Wednesday, August 27, 2014

Episode 45: Lost and Found

For those of you who have lost something you wish not to have lost and have given up hope of ever finding it because you lost it decades ago, take heart.  Bill Fulton of Baker City, OR, lost his wallet in 1946 at a basketball game.  It was returned to him when discovered during renovations to the school 63 years later.  Only his student ID was not there.  Ruth Bendik’s wallet was stolen by a pickpocket in 1982 in Central Park.  It was found by a worker doing tree maintenance in 2009.  The only thing missing was $20.  All her credit cards and identification were still there.  It does seem a bit strange that the wallet was found in a tree, but it might make more sense if we knew more about Mrs. Bendik’s history with crows.

You see, crows recognize human faces.  If you get on their bad list, they all yell at you wherever you go.  In fact, if you get on one crow’s bad list, word will likely travel fast and you will find yourself on lots of bad lists in the crow community.  Scientists who tagged crows found this out the hard way when they started noticing cacophonic crows wherever they went.  

What does all this have to do with wallets from 1982? 

Well, let’s just say, for the sake of having something more to say, Mrs. Bendik baked some apple pies one day and set them out on her balcony to cool.  Let’s further say some crows noticed the pies, thought they looked rather tasty, (surely crows eat pies, especially apple pies, unless they are communist crows) and decided to drop in and have a few bites. 

Of course Mrs. Bendik would be furious if she saw crows desecrating her world famous apple pies. No one would care if the pies were no good to begin with, so we will say these were world famous.  She would grab whatever was at hand, a broom, a lamp stand, a wrench, a rope, a lead pipe, The Marriage at Cana by Paolo Veronese, or a toothpick, and go to swatting at said hungry crows.  The crows would be rather put out by this aggressive behavior, and they would add Mrs. Bendik to their bad list.  They would also tell all their other crow friends, which all look the same to us.  Even scientists have a hard time telling one crow from another.  Now, isn’t it quite likely that one of these friends, in an effort to avenge the ill-treatment visited upon his friends, would swoop down and abscond with Mrs. Bendik’s wallet?  And isn’t it just as likely he would drop said wallet in a tree?  And isn’t is just as likely this would all happen in the conservatory, or maybe the library?  And isn’t it also likely Mrs. Bendik’s real name is Miss Scarlet?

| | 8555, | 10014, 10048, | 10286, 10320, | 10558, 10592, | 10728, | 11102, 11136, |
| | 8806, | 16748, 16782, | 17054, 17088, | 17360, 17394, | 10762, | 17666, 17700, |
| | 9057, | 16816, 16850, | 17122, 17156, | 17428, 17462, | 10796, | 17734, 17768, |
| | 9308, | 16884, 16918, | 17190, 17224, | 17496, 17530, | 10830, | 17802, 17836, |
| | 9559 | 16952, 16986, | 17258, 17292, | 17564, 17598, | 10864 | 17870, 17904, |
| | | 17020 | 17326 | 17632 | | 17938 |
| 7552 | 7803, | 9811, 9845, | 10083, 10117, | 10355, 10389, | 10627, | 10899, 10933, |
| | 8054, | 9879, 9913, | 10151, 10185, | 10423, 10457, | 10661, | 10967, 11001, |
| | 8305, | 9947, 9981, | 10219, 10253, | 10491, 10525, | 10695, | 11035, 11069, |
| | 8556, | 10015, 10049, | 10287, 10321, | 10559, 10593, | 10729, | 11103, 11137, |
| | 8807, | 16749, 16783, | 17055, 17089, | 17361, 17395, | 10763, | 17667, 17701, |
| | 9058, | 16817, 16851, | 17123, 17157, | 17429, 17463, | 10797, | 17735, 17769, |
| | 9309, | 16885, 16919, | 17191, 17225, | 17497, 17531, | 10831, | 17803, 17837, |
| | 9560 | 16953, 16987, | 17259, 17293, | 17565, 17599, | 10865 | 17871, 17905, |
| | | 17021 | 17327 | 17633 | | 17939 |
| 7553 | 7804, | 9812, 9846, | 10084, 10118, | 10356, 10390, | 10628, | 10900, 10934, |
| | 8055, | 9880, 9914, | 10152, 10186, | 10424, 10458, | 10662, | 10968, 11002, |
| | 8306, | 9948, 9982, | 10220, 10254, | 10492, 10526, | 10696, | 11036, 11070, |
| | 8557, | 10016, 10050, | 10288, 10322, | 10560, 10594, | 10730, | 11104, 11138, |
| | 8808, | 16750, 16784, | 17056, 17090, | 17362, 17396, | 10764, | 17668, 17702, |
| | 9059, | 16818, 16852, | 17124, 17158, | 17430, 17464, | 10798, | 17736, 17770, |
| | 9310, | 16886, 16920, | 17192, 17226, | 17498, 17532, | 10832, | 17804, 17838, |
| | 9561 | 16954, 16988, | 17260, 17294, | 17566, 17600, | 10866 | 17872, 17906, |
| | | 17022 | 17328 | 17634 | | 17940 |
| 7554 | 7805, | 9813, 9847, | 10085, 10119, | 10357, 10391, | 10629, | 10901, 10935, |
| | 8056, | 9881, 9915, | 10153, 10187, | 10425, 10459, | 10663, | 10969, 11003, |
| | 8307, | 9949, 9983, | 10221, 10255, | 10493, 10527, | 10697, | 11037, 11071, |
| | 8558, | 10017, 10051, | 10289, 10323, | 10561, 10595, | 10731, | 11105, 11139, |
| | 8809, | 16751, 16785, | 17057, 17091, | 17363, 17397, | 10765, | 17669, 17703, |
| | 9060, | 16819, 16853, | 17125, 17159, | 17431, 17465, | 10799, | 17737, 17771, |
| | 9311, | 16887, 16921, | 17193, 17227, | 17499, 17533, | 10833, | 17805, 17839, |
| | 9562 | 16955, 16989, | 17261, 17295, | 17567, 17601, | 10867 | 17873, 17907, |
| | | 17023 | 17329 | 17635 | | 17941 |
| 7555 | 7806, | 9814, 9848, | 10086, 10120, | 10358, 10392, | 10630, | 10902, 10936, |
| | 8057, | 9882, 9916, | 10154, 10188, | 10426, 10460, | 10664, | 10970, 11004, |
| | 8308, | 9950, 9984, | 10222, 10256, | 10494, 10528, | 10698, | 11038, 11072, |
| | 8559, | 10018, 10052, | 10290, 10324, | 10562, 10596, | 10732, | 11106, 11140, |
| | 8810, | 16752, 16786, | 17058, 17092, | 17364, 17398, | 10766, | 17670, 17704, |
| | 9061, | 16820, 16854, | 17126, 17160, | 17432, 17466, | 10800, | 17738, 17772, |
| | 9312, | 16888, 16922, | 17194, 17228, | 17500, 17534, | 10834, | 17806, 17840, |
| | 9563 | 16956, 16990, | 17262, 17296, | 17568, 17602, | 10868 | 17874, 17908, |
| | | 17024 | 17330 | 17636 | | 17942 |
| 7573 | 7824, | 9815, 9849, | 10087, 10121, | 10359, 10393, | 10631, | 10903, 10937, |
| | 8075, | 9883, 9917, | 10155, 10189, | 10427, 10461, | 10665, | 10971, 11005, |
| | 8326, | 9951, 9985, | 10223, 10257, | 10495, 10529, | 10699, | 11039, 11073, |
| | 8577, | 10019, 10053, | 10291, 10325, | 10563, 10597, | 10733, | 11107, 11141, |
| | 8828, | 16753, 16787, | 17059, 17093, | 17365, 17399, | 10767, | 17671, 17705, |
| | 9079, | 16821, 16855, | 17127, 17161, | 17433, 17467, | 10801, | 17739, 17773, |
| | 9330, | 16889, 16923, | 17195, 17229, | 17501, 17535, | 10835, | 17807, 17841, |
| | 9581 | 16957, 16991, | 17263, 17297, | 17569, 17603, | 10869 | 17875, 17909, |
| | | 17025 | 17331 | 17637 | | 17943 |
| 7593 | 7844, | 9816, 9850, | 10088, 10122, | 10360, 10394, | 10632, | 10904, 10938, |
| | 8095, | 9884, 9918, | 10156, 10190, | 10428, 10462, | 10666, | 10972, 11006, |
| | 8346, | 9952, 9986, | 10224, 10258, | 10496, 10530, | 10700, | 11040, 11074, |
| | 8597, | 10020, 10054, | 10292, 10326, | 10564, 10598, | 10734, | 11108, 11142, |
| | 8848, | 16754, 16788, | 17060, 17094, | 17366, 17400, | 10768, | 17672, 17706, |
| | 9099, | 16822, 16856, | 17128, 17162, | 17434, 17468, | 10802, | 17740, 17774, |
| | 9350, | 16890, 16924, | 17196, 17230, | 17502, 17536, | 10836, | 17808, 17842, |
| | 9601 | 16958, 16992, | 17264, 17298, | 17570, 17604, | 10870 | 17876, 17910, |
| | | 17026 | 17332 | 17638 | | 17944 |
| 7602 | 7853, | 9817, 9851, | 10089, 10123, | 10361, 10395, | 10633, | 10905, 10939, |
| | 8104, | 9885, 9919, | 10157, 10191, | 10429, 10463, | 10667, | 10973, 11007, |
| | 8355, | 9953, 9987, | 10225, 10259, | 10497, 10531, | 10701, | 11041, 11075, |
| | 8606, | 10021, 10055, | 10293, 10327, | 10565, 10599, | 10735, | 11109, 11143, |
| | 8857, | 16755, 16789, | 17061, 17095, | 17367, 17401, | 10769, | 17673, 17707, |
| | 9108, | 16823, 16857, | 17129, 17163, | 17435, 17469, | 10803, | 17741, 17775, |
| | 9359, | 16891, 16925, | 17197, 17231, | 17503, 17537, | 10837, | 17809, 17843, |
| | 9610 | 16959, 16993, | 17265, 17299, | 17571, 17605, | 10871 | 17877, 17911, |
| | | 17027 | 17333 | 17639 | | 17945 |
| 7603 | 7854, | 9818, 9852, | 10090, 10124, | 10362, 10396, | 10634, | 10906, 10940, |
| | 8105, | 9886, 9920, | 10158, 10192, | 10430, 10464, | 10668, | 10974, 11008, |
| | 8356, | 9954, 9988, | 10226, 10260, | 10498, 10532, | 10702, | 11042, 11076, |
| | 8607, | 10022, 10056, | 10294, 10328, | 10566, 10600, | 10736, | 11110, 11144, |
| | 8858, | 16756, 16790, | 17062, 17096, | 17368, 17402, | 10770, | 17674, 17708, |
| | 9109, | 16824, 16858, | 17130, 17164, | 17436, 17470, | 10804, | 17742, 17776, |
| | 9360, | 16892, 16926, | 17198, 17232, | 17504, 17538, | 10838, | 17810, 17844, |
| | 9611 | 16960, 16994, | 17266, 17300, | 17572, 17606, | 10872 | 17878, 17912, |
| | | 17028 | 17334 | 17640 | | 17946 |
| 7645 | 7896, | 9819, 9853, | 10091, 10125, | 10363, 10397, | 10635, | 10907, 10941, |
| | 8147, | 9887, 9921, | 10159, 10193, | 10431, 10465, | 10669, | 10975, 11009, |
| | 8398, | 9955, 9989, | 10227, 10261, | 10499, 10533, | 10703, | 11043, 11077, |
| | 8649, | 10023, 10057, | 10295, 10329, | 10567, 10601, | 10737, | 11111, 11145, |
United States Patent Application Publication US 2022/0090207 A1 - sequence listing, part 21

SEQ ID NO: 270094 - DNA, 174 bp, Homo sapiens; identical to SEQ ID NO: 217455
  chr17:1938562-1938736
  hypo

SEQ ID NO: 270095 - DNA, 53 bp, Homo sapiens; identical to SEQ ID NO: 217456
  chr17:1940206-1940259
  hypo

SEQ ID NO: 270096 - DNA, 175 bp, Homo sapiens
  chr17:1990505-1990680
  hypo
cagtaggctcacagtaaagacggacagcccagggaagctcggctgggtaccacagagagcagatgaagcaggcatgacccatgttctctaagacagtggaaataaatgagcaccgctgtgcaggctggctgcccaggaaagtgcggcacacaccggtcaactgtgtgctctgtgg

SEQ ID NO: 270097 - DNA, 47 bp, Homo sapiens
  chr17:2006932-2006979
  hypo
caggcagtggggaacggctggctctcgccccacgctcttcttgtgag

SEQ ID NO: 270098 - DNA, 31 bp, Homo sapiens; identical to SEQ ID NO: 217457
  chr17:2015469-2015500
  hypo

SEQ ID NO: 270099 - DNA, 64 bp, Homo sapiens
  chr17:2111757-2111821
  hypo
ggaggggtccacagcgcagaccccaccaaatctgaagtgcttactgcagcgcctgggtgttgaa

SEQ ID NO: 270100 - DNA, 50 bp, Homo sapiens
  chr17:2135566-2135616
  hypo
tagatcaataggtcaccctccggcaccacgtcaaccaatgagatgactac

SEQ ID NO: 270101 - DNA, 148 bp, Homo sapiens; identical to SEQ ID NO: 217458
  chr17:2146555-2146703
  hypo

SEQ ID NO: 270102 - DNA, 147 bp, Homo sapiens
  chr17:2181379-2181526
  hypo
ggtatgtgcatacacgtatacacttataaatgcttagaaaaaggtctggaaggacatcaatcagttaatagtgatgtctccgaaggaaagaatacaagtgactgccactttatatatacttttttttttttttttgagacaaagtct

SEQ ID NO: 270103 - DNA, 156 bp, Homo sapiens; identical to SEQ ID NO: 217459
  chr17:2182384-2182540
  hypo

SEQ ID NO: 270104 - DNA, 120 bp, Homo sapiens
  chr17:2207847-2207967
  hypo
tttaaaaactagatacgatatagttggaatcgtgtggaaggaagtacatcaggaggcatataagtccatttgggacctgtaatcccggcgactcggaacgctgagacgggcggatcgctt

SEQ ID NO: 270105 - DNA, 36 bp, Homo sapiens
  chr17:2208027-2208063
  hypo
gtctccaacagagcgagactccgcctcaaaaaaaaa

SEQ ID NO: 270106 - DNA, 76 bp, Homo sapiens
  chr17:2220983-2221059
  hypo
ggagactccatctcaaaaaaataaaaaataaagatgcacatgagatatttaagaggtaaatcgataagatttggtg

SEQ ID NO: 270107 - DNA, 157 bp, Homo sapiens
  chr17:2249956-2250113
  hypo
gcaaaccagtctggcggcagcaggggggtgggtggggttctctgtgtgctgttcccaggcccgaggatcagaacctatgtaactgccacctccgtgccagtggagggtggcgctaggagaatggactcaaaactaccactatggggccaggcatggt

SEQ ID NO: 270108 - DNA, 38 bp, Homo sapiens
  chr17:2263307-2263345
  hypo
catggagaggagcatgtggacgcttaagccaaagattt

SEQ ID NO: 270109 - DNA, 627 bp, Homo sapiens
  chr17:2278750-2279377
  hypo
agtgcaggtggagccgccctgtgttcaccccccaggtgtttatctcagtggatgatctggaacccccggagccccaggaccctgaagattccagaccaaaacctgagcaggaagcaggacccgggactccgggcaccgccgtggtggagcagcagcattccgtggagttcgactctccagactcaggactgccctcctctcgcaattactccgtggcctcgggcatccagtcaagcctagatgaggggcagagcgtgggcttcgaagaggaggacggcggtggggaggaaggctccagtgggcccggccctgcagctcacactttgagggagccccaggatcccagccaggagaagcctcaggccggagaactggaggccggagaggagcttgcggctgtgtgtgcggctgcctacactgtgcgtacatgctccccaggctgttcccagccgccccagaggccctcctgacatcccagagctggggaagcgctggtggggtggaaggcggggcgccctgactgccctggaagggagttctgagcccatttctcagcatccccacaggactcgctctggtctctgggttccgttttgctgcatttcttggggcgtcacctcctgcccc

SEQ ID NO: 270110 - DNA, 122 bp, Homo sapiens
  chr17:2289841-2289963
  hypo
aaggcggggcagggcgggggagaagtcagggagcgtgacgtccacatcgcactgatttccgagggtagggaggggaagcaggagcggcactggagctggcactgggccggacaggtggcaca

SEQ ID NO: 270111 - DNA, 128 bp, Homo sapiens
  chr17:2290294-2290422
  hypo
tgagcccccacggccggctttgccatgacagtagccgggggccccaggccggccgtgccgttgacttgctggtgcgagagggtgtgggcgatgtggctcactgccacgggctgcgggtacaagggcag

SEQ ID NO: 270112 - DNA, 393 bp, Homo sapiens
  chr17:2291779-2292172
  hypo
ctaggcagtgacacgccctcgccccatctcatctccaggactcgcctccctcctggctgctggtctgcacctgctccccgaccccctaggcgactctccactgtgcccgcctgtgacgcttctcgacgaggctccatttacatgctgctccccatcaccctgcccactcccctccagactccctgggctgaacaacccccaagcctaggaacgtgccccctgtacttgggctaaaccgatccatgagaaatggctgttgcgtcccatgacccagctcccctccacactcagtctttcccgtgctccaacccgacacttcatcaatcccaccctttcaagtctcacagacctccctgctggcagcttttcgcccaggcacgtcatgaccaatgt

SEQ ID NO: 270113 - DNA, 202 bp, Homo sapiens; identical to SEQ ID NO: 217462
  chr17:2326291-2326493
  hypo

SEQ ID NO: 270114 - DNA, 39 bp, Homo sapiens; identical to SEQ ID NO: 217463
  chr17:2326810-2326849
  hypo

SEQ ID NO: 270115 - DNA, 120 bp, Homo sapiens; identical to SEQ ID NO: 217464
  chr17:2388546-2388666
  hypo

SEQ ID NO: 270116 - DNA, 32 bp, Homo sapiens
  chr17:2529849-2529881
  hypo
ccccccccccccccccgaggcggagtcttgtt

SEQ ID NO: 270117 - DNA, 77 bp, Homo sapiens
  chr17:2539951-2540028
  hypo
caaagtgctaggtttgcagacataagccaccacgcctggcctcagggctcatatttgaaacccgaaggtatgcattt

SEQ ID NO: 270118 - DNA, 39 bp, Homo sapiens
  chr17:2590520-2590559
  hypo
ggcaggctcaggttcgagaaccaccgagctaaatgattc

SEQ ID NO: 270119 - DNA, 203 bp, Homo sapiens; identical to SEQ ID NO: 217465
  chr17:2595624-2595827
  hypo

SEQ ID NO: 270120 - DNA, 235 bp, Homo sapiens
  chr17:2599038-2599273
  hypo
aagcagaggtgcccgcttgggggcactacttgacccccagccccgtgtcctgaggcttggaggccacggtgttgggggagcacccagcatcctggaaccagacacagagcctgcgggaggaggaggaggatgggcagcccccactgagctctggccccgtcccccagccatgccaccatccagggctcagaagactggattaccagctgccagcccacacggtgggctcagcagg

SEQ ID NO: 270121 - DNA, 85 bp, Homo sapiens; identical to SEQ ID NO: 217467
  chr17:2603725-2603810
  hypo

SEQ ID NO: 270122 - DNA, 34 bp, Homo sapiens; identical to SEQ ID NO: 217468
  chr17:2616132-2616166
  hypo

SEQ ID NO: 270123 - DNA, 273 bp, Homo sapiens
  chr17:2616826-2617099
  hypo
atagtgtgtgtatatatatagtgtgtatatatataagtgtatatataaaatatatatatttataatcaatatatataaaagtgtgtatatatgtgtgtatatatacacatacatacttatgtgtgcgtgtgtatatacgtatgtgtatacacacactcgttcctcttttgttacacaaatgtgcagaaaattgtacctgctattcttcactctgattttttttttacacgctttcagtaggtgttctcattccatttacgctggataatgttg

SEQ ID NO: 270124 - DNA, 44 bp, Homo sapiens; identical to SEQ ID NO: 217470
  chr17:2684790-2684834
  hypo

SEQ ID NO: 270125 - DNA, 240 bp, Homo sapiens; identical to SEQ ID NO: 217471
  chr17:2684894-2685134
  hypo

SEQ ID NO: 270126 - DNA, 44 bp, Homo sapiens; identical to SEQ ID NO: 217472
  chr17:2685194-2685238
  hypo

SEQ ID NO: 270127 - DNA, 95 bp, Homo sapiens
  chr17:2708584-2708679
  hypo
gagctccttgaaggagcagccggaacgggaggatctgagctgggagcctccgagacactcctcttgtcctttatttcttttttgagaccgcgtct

Anyway, the lesson here is if you are going to bake a pie and set it on a balcony, don’t go out with your wallet visible to passing crows, but if you do and your wallet goes missing, check the trees in Central Park in 27 years.

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